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The power of binding Ireland by acts of a foreign legislature, is what nothing but a spirit of arrogance or oppression would insist upon, nothing but the most abject servility submit to; for we cannot suppose, that the appearance of a claim which irritates the whole body of the people, would be retained, unless there was an intention of enforcing this claim hereafter; we are therefore convinced, that an express declaration of rights, is the only measure upon which this country can build its legislative independence, and that a reluctance to assert the constitution of the land, may furnish Great Britain with a pretence for denying the justice of our requisition.
We do not think the present situation of Great Britain to be any objection against such a declaration, as we can never suppose that she could derive strength from our weakness, or any security to her liberties from the oppression of ours; and that time is undoubtedly to be preferred for the assertion of our rights, when the object is likely to be obtained with the least struggle.
The insecure attachment of Ireland to the crown of England at a former period, furnished a pretext for divesting the houses of parliament of their right to originate bills, unless previously certified into England under the great seal of this kingdom; now, as the loyalty of this country for several centuries past, so often tried, and so often acknowledged, has removed every cause of distrust, we conceive that this injurious and humiliating restriction should also cease.
vOL. iv. x
The dependance of the judges of Ireland on the will of the sovereign, may, in the hands of an aspiring monarch, prove a powerful instrument of oppression; now, holding ourselves entitled to every constitutional security which our sister kingdom possesses, we consider it necessary that the judges of this kingdom should be made equally independent with those of Great Britain.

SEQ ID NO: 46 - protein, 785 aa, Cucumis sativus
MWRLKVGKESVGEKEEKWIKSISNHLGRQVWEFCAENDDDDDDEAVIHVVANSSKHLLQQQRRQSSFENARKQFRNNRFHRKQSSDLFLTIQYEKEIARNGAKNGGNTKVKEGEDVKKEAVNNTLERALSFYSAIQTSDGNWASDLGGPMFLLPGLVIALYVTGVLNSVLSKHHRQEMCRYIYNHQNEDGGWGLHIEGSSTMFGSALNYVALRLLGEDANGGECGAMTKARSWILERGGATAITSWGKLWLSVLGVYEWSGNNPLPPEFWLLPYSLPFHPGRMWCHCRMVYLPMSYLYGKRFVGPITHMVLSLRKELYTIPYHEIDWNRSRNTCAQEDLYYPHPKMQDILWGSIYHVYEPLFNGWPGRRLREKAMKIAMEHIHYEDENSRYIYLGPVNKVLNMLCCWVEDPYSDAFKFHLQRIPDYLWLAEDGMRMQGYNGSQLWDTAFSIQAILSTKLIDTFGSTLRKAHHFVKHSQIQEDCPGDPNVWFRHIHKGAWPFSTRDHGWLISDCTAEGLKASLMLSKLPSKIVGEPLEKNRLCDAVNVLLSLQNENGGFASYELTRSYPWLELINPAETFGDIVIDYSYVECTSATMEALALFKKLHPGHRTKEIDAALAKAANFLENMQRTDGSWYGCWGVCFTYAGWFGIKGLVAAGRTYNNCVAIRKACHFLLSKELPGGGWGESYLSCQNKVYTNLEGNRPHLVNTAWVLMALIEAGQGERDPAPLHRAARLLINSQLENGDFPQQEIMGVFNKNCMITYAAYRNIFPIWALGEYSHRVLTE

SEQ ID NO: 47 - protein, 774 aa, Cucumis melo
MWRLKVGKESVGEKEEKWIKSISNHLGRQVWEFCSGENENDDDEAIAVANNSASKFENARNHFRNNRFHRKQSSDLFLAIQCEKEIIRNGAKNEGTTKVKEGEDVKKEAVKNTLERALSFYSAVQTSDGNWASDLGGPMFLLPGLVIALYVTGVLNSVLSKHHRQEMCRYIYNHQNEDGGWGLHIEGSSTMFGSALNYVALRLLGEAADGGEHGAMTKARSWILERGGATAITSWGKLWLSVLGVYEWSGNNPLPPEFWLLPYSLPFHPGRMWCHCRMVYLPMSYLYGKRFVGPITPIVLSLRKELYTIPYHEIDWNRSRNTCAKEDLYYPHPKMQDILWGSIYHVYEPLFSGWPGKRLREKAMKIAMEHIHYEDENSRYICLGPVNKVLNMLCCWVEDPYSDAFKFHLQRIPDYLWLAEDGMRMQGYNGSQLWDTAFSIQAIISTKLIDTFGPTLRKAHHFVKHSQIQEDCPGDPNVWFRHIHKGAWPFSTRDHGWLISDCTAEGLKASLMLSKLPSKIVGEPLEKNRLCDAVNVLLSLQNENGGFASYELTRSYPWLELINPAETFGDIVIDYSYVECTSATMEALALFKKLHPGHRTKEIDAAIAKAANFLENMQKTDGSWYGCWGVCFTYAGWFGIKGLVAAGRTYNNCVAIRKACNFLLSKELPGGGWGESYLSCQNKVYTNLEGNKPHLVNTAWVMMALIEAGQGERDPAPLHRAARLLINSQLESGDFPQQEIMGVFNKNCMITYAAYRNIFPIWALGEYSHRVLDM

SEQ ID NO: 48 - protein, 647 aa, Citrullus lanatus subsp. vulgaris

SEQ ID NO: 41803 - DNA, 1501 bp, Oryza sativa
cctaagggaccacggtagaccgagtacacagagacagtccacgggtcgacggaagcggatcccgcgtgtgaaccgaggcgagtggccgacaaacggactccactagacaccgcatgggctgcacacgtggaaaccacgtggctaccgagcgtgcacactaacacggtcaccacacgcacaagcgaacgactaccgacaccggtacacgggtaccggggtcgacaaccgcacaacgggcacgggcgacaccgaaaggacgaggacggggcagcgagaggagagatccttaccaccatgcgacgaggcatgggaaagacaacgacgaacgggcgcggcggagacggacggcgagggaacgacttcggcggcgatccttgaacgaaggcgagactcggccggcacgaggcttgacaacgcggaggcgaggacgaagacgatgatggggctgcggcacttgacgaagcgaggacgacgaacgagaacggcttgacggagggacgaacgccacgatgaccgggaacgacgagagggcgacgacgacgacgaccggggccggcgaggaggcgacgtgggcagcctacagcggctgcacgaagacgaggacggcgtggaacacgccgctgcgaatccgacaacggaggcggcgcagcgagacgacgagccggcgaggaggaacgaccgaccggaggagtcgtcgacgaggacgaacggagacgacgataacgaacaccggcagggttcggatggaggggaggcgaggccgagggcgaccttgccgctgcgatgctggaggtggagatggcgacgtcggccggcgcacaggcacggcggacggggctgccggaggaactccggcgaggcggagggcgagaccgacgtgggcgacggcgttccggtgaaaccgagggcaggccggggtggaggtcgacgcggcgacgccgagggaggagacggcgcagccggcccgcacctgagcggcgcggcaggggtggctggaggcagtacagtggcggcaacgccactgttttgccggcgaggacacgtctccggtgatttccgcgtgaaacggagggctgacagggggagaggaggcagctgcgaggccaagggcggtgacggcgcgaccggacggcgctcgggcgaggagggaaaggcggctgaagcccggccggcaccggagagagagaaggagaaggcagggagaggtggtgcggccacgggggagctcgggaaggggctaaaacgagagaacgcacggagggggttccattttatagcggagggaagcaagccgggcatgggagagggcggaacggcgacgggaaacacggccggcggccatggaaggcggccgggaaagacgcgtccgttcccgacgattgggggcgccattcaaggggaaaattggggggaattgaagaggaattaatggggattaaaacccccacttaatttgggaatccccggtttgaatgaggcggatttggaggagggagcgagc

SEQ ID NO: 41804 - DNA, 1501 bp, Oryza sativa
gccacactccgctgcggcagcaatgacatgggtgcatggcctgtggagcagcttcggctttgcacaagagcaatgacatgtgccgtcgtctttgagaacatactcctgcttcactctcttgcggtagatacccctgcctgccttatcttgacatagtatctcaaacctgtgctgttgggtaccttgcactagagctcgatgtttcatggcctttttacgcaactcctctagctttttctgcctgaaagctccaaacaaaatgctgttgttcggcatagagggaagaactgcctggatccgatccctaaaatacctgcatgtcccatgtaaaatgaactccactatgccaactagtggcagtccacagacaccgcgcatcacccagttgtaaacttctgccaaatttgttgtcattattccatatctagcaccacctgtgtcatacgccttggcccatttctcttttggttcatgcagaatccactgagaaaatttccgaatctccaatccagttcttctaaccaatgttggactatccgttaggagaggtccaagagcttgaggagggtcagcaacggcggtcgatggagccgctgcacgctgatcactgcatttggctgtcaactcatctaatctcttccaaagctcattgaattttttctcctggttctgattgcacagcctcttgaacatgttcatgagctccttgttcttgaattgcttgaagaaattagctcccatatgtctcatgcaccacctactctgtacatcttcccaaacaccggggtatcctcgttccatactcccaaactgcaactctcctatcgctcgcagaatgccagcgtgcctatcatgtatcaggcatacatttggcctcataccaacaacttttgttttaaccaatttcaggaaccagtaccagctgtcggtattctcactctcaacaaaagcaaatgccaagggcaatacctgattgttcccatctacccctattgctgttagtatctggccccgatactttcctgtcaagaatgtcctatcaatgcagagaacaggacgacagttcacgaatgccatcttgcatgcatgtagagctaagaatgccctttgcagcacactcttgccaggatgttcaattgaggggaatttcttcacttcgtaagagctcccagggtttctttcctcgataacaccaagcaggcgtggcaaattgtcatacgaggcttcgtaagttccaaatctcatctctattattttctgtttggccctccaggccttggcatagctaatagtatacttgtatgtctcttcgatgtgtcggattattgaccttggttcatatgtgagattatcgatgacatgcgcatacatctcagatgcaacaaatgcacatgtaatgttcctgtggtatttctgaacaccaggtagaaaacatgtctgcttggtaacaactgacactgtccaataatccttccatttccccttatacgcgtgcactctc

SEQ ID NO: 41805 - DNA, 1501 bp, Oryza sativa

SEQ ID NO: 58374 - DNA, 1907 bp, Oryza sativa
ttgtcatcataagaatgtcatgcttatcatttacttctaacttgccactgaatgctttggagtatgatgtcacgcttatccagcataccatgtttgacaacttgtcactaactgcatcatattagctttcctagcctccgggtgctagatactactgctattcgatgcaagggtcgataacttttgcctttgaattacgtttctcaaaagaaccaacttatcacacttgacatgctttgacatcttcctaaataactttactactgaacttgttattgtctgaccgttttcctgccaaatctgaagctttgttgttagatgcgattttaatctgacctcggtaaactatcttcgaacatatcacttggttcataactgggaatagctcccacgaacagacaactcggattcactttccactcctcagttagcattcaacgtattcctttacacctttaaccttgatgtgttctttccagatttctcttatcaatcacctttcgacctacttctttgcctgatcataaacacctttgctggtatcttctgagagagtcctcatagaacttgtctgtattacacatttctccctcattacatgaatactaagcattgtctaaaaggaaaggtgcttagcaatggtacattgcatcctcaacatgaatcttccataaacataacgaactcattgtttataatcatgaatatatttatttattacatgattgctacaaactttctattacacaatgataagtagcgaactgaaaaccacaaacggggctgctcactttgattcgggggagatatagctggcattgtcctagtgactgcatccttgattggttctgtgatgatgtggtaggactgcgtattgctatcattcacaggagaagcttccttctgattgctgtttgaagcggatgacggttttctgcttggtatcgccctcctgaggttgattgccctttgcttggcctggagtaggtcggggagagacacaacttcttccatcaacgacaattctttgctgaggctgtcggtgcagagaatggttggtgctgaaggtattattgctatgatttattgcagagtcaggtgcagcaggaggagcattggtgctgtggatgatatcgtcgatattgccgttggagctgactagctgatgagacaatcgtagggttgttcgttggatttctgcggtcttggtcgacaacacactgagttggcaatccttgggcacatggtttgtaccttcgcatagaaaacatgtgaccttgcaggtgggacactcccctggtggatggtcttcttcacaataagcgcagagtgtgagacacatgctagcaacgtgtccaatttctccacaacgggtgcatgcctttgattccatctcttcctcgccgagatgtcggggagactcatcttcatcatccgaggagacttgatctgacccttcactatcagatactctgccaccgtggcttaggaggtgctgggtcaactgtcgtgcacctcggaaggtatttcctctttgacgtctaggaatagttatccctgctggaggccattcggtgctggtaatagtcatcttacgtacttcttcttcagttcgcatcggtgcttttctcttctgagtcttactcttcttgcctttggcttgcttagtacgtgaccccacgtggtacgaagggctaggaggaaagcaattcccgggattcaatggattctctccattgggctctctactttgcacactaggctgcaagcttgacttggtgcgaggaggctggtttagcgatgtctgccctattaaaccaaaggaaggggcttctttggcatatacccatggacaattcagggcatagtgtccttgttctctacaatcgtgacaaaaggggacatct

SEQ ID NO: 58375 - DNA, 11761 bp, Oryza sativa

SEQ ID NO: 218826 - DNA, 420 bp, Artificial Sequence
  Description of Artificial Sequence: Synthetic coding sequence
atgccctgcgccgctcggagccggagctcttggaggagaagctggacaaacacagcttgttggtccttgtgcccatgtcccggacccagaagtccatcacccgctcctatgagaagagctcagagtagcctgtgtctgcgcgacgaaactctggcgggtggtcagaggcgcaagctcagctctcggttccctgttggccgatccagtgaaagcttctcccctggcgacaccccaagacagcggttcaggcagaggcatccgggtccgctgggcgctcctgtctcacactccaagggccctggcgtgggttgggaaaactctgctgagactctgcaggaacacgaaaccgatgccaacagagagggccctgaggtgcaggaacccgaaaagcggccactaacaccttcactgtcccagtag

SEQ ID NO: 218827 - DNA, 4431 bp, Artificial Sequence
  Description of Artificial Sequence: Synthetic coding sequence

But since every advantage which could result from these reformations must be precarious, as long as a perpetual mutiny bill exists, by which, force may be made to supercede right, and the soldiery of Ireland are subjected to trial and punishment by any future articles of war, which the king and privy council of Great Britain may think proper to adopt; we are persuaded, that every concession must be imperfect, unless accompanied by the repeal of so dangerous a law.
We therefore expect you will exert your most strenuous efforts, to obtain a declaration of the rights of Ireland; a repeal or satisfactory explanation of the law of Po) nings'; an act for making the tenure of the judges independent of the crown; and a repeal of the perpetual mutiny bill.
We declare, that these are our fixed and unalterable sentiments, and we are convinced that nothing short of the requisitions herein contained, can be, in any degree, satisfactory to the people of Ireland.
It is our wish to render the connexion between this country and Great Britain as close and permanent as possible, and we are persuaded that this is only to be accomplished by abolishing all usurped authority of the one over the other, and removing every invidious distinction between the constitutions of two countries, equally entitled to be free.
To this address the following answers were returned:
To the electors of the University. Gentlemen, when I reflect on my past parliamentary conduct, it affords me the highest satisfaction, to find that it entirely corresponds with the tenor of your instructions. Whenever the objects that you recommend have come into discussion, I have given them my uniform and decided support. My conduct has been founded upon principles, which no motives of interest or ambition have been able to shake, and in which I shall persevere unto the last hour of my life. I have the honour to be, with the greatest respect, gentlemen, your most faithful humble servant, Walter Burgh.*